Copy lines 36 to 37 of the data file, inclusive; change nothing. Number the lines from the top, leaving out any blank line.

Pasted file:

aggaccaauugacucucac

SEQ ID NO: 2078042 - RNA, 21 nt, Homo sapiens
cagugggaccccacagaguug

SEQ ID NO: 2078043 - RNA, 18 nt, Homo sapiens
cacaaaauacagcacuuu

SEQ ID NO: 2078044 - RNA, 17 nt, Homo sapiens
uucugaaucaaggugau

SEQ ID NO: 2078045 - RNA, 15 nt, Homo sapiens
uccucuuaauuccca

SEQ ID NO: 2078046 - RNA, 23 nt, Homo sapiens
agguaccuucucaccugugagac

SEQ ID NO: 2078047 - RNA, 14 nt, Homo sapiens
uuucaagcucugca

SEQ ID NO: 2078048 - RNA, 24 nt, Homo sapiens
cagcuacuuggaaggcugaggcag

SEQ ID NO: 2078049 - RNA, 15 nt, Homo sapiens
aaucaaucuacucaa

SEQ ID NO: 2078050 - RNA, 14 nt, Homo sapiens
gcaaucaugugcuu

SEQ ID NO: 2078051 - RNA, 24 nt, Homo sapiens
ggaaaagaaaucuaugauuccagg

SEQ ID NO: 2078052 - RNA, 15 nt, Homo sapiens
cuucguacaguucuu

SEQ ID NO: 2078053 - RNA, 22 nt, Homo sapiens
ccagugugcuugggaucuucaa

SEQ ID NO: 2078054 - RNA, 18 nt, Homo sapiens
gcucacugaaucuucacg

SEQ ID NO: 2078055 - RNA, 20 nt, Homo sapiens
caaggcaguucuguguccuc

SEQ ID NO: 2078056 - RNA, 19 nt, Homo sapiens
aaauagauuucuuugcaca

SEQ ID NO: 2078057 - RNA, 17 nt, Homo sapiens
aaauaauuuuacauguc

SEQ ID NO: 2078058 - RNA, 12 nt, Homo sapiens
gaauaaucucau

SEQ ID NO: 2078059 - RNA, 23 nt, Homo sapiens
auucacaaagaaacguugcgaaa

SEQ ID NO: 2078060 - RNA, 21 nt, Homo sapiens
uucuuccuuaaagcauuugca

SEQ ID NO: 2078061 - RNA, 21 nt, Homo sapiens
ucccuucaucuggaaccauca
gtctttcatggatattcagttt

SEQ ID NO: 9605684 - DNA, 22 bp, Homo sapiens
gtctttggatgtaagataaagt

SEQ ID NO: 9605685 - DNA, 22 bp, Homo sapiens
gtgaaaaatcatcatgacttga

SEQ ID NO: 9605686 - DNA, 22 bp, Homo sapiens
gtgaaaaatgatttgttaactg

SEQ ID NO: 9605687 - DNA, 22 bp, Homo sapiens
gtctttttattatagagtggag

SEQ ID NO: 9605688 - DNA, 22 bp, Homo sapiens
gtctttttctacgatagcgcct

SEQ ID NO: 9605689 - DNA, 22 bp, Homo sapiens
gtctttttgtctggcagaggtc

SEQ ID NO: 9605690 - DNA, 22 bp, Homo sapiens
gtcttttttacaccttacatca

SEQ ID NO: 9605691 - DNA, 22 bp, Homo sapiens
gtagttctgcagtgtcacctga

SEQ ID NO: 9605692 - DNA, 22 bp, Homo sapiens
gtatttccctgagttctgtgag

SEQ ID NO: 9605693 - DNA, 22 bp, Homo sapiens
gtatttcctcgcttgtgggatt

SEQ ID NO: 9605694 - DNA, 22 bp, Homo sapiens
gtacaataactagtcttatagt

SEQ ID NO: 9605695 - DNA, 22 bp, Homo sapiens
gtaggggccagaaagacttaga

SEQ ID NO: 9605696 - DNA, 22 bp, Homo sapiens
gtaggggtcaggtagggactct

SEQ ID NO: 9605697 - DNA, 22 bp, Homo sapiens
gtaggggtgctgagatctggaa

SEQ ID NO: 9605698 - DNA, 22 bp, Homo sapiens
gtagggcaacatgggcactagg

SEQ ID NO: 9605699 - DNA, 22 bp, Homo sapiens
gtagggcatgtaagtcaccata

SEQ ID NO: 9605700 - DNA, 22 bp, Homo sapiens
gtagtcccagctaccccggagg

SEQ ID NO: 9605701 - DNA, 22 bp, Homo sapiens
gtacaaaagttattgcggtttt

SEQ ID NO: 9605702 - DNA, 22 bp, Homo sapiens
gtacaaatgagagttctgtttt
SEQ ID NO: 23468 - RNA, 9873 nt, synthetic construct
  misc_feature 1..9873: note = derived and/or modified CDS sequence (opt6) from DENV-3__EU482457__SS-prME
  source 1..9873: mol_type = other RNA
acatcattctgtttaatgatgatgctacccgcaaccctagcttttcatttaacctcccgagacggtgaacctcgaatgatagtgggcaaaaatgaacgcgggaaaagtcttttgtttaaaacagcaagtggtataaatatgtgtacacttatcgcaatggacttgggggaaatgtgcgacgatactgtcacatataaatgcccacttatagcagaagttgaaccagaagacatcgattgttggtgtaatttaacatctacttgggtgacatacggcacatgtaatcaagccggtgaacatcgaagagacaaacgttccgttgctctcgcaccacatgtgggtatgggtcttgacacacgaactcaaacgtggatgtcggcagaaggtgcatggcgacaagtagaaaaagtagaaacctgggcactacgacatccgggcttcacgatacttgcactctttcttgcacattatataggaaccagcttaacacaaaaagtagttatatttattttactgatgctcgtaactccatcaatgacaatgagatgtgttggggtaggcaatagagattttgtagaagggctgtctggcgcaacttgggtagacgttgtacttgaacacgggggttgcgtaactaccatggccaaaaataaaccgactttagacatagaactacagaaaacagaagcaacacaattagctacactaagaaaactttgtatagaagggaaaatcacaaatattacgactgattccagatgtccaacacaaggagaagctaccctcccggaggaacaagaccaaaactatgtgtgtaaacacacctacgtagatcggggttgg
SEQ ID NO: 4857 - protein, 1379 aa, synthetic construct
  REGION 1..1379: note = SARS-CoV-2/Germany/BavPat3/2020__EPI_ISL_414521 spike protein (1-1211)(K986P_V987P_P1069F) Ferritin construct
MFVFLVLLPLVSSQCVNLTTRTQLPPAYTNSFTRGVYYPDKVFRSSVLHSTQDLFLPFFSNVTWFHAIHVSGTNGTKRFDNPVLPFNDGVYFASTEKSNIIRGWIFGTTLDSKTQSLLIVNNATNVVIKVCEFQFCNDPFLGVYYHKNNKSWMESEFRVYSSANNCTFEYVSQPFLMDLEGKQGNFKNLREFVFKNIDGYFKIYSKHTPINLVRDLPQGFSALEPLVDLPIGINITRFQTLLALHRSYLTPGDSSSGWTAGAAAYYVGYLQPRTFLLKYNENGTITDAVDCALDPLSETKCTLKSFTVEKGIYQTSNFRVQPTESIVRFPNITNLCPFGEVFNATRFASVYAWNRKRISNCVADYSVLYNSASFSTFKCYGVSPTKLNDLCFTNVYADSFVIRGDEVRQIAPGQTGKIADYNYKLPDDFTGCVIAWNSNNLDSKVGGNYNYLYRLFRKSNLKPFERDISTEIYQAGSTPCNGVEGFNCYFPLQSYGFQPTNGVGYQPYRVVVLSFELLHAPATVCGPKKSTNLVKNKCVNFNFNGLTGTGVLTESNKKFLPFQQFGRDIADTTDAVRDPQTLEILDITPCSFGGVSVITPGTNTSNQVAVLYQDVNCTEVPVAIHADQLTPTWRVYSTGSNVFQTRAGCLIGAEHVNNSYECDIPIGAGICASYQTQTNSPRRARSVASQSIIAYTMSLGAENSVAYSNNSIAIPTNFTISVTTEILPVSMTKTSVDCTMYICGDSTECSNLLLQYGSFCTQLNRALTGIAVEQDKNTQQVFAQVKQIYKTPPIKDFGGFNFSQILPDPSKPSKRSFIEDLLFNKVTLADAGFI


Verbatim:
SEQ ID NO: 2078059 - RNA, 23 nt, Homo sapiens
auucacaaagaaacguugcgaaa